A reporter for The Knoxville News-Sentinel was fired last Friday after refusing to give up her seat on the five-member school board of Alcoa, Tenn., a town 15 miles south of Knoxville.
The dismissal of Jacqueline Brown McClary, 31, raised a longstanding question about reporters' rights of free speech and to what extent they should be allowed to participate in local government.
Two days after her election to the Alcoa school board June 4, she was given until the end of last week to resign from the board or the newspaper.
McClary refused to give up the nonpaying school post and, when she reported to The News-Sentinel on Friday, was told that she would be terminated.
News-Sentinel editor Ralph L. Millett Jr. said Friday that McClary was told to make a choice based on "our policy which prohibits political activity by our employes that could raise questions about the paper's objectivity . . . . She was told this before the election."
McClary said that when her election campaign began, an assistant editor told her that if she won, the newspaper might question her position. However, McClary said she believed that since she is not an education reporter and because the paper rarely covers Alcoa school events, there was no potential for conflict.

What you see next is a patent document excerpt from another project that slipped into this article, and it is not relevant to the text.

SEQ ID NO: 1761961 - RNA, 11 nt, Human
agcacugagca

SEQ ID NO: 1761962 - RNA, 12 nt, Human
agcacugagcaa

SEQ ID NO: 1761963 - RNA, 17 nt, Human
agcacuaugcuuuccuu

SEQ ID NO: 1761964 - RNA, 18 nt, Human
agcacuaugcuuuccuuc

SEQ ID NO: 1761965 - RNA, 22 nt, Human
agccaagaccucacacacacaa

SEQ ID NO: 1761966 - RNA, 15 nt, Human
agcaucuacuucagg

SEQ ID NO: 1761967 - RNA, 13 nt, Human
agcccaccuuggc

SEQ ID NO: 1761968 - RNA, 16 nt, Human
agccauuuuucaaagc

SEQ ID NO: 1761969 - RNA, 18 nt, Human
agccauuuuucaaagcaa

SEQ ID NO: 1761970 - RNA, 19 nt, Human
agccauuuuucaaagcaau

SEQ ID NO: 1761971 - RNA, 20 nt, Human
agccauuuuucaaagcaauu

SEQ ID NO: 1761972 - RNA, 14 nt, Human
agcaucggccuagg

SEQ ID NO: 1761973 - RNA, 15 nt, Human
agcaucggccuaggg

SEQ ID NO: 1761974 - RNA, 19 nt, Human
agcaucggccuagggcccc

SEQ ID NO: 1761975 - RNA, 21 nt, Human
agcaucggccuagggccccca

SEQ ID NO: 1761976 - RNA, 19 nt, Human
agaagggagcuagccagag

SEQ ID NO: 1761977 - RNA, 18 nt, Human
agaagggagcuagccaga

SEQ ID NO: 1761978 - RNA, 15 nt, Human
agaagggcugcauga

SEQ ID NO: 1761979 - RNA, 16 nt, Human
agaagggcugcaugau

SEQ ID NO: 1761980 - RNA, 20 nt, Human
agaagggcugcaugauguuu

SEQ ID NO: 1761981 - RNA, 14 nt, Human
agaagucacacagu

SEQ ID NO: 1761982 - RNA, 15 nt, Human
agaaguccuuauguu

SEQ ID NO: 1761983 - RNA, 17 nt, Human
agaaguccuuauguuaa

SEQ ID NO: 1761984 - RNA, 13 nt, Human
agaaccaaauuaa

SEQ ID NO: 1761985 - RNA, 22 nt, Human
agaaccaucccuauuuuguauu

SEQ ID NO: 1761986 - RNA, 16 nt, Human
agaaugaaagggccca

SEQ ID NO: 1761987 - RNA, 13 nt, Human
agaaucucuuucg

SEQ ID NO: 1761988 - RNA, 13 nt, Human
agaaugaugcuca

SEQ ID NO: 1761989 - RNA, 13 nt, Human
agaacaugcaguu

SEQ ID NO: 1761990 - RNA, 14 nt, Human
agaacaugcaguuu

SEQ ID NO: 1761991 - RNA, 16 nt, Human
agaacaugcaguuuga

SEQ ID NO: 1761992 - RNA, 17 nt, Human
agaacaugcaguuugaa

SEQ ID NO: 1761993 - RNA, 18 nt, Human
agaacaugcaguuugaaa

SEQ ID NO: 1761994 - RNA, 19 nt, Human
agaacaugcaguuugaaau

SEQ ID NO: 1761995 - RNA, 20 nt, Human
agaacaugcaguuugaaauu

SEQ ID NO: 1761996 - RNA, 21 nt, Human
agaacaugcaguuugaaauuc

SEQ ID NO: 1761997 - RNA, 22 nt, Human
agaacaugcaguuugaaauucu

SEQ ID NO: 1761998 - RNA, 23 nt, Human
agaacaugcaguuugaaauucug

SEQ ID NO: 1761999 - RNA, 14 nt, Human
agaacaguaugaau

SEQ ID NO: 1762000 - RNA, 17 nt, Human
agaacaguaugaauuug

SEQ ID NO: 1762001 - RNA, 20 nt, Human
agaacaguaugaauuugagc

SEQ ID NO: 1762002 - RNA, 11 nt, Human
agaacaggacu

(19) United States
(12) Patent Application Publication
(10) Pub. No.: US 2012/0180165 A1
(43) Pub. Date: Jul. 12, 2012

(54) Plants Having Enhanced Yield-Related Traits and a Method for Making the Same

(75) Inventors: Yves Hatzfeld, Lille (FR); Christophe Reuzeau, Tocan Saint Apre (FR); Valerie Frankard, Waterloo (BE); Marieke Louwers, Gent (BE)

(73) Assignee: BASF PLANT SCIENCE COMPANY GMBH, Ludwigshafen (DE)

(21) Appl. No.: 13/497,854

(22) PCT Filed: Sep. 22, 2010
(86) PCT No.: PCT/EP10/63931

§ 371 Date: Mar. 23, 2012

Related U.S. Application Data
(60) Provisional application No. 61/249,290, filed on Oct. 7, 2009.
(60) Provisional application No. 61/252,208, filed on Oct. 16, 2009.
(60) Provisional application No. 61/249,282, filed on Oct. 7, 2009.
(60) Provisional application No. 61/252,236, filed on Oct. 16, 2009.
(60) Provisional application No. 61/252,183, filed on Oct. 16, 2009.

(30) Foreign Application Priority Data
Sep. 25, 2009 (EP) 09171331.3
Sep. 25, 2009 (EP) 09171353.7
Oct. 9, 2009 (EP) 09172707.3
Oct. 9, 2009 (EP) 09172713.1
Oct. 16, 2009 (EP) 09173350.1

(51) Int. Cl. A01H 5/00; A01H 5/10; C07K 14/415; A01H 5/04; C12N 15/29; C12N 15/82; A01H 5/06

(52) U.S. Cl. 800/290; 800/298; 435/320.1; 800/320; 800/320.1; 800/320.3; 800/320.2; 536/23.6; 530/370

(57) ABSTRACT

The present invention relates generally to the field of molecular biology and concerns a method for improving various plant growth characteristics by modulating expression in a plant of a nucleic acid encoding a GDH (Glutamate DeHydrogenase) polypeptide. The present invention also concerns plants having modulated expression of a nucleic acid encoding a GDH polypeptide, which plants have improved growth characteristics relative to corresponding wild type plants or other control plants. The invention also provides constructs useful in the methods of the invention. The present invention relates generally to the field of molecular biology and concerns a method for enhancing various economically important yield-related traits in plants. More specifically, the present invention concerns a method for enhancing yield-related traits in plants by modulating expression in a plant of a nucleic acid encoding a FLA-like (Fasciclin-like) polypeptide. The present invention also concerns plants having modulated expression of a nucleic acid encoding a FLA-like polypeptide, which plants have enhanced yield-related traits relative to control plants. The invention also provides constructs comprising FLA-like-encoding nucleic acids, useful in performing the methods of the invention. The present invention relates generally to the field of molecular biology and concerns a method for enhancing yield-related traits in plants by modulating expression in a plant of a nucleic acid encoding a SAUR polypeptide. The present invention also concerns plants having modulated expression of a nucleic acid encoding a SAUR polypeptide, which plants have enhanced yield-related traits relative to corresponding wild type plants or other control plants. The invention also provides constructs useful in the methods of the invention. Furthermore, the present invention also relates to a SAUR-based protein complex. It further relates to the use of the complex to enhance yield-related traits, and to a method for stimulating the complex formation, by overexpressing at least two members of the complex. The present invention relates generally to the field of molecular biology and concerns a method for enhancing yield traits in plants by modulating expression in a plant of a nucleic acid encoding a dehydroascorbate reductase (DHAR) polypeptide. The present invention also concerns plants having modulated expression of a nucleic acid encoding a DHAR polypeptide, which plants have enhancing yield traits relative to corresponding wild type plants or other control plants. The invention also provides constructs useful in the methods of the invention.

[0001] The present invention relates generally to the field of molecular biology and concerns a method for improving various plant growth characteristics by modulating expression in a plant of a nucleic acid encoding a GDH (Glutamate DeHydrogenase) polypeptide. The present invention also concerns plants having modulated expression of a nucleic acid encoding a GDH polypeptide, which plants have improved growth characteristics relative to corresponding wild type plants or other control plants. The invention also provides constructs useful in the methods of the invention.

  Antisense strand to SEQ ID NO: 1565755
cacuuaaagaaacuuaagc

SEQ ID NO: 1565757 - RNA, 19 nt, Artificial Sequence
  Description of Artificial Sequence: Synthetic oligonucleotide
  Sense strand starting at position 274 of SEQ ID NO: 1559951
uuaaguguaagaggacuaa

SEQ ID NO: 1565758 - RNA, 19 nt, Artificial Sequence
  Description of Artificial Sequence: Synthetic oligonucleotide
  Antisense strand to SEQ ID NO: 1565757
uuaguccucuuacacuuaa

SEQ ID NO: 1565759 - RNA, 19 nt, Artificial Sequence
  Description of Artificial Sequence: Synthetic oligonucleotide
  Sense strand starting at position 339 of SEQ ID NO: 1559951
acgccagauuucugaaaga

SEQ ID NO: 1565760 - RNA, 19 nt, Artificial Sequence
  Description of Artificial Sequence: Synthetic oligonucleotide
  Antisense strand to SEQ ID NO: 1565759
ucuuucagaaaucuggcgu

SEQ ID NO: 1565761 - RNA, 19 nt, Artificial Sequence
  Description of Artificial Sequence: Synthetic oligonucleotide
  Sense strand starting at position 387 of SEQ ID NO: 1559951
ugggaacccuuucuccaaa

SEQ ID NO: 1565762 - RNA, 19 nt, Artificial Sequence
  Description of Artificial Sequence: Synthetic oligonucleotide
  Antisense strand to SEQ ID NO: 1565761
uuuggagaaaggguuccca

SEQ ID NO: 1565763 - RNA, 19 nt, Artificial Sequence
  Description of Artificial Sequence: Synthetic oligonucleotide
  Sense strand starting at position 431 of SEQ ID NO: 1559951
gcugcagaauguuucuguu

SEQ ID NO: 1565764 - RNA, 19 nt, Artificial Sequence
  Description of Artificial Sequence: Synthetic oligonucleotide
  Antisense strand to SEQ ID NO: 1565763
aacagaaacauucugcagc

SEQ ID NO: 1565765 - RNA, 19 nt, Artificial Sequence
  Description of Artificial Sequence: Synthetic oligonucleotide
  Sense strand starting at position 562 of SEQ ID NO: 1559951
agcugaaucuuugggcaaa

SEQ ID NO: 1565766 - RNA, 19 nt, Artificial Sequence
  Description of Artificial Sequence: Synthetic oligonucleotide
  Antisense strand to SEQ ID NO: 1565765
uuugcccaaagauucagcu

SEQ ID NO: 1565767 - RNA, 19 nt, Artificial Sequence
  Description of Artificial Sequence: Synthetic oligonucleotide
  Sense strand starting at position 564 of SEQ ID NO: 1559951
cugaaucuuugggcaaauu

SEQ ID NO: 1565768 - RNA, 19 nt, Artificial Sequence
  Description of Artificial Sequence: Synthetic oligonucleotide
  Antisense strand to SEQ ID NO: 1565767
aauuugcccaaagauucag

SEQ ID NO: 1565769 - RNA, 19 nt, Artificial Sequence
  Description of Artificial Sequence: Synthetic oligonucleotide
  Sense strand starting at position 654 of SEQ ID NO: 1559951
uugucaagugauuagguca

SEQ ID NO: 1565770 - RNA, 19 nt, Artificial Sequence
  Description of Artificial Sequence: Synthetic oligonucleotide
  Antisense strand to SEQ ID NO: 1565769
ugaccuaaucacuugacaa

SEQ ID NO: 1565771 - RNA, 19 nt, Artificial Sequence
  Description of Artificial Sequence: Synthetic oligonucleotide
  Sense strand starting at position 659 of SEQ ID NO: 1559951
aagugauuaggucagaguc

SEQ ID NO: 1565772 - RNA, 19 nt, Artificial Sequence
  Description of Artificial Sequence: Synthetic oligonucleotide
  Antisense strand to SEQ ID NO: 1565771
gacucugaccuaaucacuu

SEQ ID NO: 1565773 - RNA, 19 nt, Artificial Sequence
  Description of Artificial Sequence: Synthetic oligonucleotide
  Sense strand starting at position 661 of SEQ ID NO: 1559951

Diana Tillinghast, who teaches mass media ethics at Stanford University, said that The News-Sentinel "was stretching the policy to include McClary " and that she saw a conflict only if McClary had been covering Alcoa or the education beat.
Edwin Bayley, dean of the graduate journalism program at the University of California at Berkeley, disagreed, saying, "I think reporters have to make up their minds whether or not they're going to be neutral." Bayley said reporters can participate in their community by reporting on it.
Editor Millett is chairman of the Knoxville Parking Authority, a rate-setting body to which he was appointed by the mayor. A News-Sentinel conservation reporter is a member of the Great Smoky Mountains National Park Commission, Millett said.
Millett said he interprets the company rules to mean that he and the conservation reporter are exempt because their positions are appointed, advisory positions and not elective posts. He also said that it is he who decides whether an employe's outside activity is political or not.
"It seems grossly unfair," McClary said of the newspaper's position. A former reporter for Business Week magazine, she had been a New-Sentinel reporter for two years.
"I got into the campaign because of my concern for my children," said McClary, mother of three sons ranging in age from 9 months to 12 years and first black woman to be elected an official in Alcoa, whose school population is 1,300.
The school system is about 25 percent black, and school board chairman Lloyd Costen said that "her being elected is a mandate from the community."
Knoxville Newspaper Guild president John R. Barrett said the union would file a grievance on McClary's behalf, contending "that civic duty is not a just and sufficient cause for discharge."